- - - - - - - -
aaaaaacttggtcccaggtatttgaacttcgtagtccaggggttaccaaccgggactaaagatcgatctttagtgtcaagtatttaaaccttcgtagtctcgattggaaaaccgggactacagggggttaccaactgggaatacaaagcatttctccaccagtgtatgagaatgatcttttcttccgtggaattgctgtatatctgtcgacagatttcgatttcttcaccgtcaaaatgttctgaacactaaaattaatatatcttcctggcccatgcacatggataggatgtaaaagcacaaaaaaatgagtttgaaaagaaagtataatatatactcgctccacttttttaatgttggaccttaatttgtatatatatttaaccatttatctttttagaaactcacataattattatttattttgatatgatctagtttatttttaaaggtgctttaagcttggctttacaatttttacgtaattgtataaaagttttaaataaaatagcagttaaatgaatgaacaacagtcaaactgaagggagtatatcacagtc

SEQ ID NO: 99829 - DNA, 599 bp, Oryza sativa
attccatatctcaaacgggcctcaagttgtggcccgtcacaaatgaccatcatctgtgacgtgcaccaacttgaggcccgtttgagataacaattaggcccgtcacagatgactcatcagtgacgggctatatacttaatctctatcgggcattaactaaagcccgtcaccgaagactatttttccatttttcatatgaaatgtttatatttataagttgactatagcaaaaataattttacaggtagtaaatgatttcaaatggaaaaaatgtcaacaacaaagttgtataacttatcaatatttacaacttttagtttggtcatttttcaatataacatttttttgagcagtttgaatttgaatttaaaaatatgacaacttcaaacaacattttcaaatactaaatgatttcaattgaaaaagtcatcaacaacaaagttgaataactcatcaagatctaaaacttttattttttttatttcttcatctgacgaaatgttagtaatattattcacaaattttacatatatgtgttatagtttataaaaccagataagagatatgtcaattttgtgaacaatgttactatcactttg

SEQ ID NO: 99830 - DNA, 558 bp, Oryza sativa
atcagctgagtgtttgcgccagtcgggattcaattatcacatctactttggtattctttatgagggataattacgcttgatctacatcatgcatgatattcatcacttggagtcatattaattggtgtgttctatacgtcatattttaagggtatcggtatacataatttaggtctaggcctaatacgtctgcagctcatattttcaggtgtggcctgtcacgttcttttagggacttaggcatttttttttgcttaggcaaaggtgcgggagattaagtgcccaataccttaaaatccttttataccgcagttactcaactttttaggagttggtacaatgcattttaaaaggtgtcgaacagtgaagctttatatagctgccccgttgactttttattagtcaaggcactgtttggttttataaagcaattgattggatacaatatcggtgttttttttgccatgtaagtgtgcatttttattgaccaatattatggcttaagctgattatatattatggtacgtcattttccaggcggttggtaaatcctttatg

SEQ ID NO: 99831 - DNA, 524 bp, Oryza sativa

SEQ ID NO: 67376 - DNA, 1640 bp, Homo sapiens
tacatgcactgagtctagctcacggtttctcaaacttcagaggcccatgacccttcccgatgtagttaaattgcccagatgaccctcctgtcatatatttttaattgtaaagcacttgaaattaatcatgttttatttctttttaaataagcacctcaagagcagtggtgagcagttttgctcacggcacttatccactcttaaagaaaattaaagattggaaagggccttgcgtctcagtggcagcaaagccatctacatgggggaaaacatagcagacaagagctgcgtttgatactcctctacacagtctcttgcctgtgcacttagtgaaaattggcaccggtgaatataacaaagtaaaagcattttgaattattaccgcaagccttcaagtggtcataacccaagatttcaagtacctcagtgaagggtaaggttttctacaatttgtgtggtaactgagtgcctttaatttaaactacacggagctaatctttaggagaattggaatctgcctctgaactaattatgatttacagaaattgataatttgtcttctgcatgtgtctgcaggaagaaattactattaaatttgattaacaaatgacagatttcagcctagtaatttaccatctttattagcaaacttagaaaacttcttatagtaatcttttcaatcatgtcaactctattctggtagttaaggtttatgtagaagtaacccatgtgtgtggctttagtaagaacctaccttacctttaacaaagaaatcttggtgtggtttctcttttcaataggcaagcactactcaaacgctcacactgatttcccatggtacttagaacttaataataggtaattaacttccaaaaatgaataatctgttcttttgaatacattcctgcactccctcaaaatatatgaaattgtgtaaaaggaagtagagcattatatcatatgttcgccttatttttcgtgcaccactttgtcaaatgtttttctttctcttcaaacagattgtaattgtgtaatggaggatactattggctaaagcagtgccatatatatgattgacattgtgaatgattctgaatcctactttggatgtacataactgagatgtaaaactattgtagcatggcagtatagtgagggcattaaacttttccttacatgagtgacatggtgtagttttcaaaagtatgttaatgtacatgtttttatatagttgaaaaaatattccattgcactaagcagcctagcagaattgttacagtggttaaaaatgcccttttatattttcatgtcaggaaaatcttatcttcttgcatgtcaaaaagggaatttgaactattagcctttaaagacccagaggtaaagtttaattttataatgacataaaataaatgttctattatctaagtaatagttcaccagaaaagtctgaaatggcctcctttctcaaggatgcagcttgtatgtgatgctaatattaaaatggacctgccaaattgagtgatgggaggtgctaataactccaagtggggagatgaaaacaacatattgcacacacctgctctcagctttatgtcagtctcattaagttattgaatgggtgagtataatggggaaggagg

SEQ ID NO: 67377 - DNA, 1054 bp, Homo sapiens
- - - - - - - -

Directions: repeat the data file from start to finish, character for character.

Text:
aaaaaacttggtcccaggtatttgaacttcgtagtccaggggttaccaaccgggactaaagatcgatctttagtgtcaagtatttaaaccttcgtagtctcgattggaaaaccgggactacagggggttaccaactgggaatacaaagcatttctccaccagtgtatgagaatgatcttttcttccgtggaattgctgtatatctgtcgacagatttcgatttcttcaccgtcaaaatgttctgaacactaaaattaatatatcttcctggcccatgcacatggataggatgtaaaagcacaaaaaaatgagtttgaaaagaaagtataatatatactcgctccacttttttaatgttggaccttaatttgtatatatatttaaccatttatctttttagaaactcacataattattatttattttgatatgatctagtttatttttaaaggtgctttaagcttggctttacaatttttacgtaattgtataaaagttttaaataaaatagcagttaaatgaatgaacaacagtcaaactgaagggagtatatcacagtc

SEQ ID NO: 99829 - DNA, 599 bp, Oryza sativa
attccatatctcaaacgggcctcaagttgtggcccgtcacaaatgaccatcatctgtgacgtgcaccaacttgaggcccgtttgagataacaattaggcccgtcacagatgactcatcagtgacgggctatatacttaatctctatcgggcattaactaaagcccgtcaccgaagactatttttccatttttcatatgaaatgtttatatttataagttgactatagcaaaaataattttacaggtagtaaatgatttcaaatggaaaaaatgtcaacaacaaagttgtataacttatcaatatttacaacttttagtttggtcatttttcaatataacatttttttgagcagtttgaatttgaatttaaaaatatgacaacttcaaacaacattttcaaatactaaatgatttcaattgaaaaagtcatcaacaacaaagttgaataactcatcaagatctaaaacttttattttttttatttcttcatctgacgaaatgttagtaatattattcacaaattttacatatatgtgttatagtttataaaaccagataagagatatgtcaattttgtgaacaatgttactatcactttg

SEQ ID NO: 99830 - DNA, 558 bp, Oryza sativa
atcagctgagtgtttgcgccagtcgggattcaattatcacatctactttggtattctttatgagggataattacgcttgatctacatcatgcatgatattcatcacttggagtcatattaattggtgtgttctatacgtcatattttaagggtatcggtatacataatttaggtctaggcctaatacgtctgcagctcatattttcaggtgtggcctgtcacgttcttttagggacttaggcatttttttttgcttaggcaaaggtgcgggagattaagtgcccaataccttaaaatccttttataccgcagttactcaactttttaggagttggtacaatgcattttaaaaggtgtcgaacagtgaagctttatatagctgccccgttgactttttattagtcaaggcactgtttggttttataaagcaattgattggatacaatatcggtgttttttttgccatgtaagtgtgcatttttattgaccaatattatggcttaagctgattatatattatggtacgtcattttccaggcggttggtaaatcctttatg

SEQ ID NO: 99831 - DNA, 524 bp, Oryza sativa

SEQ ID NO: 67376 - DNA, 1640 bp, Homo sapiens
tacatgcactgagtctagctcacggtttctcaaacttcagaggcccatgacccttcccgatgtagttaaattgcccagatgaccctcctgtcatatatttttaattgtaaagcacttgaaattaatcatgttttatttctttttaaataagcacctcaagagcagtggtgagcagttttgctcacggcacttatccactcttaaagaaaattaaagattggaaagggccttgcgtctcagtggcagcaaagccatctacatgggggaaaacatagcagacaagagctgcgtttgatactcctctacacagtctcttgcctgtgcacttagtgaaaattggcaccggtgaatataacaaagtaaaagcattttgaattattaccgcaagccttcaagtggtcataacccaagatttcaagtacctcagtgaagggtaaggttttctacaatttgtgtggtaactgagtgcctttaatttaaactacacggagctaatctttaggagaattggaatctgcctctgaactaattatgatttacagaaattgataatttgtcttctgcatgtgtctgcaggaagaaattactattaaatttgattaacaaatgacagatttcagcctagtaatttaccatctttattagcaaacttagaaaacttcttatagtaatcttttcaatcatgtcaactctattctggtagttaaggtttatgtagaagtaacccatgtgtgtggctttagtaagaacctaccttacctttaacaaagaaatcttggtgtggtttctcttttcaataggcaagcactactcaaacgctcacactgatttcccatggtacttagaacttaataataggtaattaacttccaaaaatgaataatctgttcttttgaatacattcctgcactccctcaaaatatatgaaattgtgtaaaaggaagtagagcattatatcatatgttcgccttatttttcgtgcaccactttgtcaaatgtttttctttctcttcaaacagattgtaattgtgtaatggaggatactattggctaaagcagtgccatatatatgattgacattgtgaatgattctgaatcctactttggatgtacataactgagatgtaaaactattgtagcatggcagtatagtgagggcattaaacttttccttacatgagtgacatggtgtagttttcaaaagtatgttaatgtacatgtttttatatagttgaaaaaatattccattgcactaagcagcctagcagaattgttacagtggttaaaaatgcccttttatattttcatgtcaggaaaatcttatcttcttgcatgtcaaaaagggaatttgaactattagcctttaaagacccagaggtaaagtttaattttataatgacataaaataaatgttctattatctaagtaatagttcaccagaaaagtctgaaatggcctcctttctcaaggatgcagcttgtatgtgatgctaatattaaaatggacctgccaaattgagtgatgggaggtgctaataactccaagtggggagatgaaaacaacatattgcacacacctgctctcagctttatgtcagtctcattaagttattgaatgggtgagtataatggggaaggagg

SEQ ID NO: 67377 - DNA, 1054 bp, Homo sapiens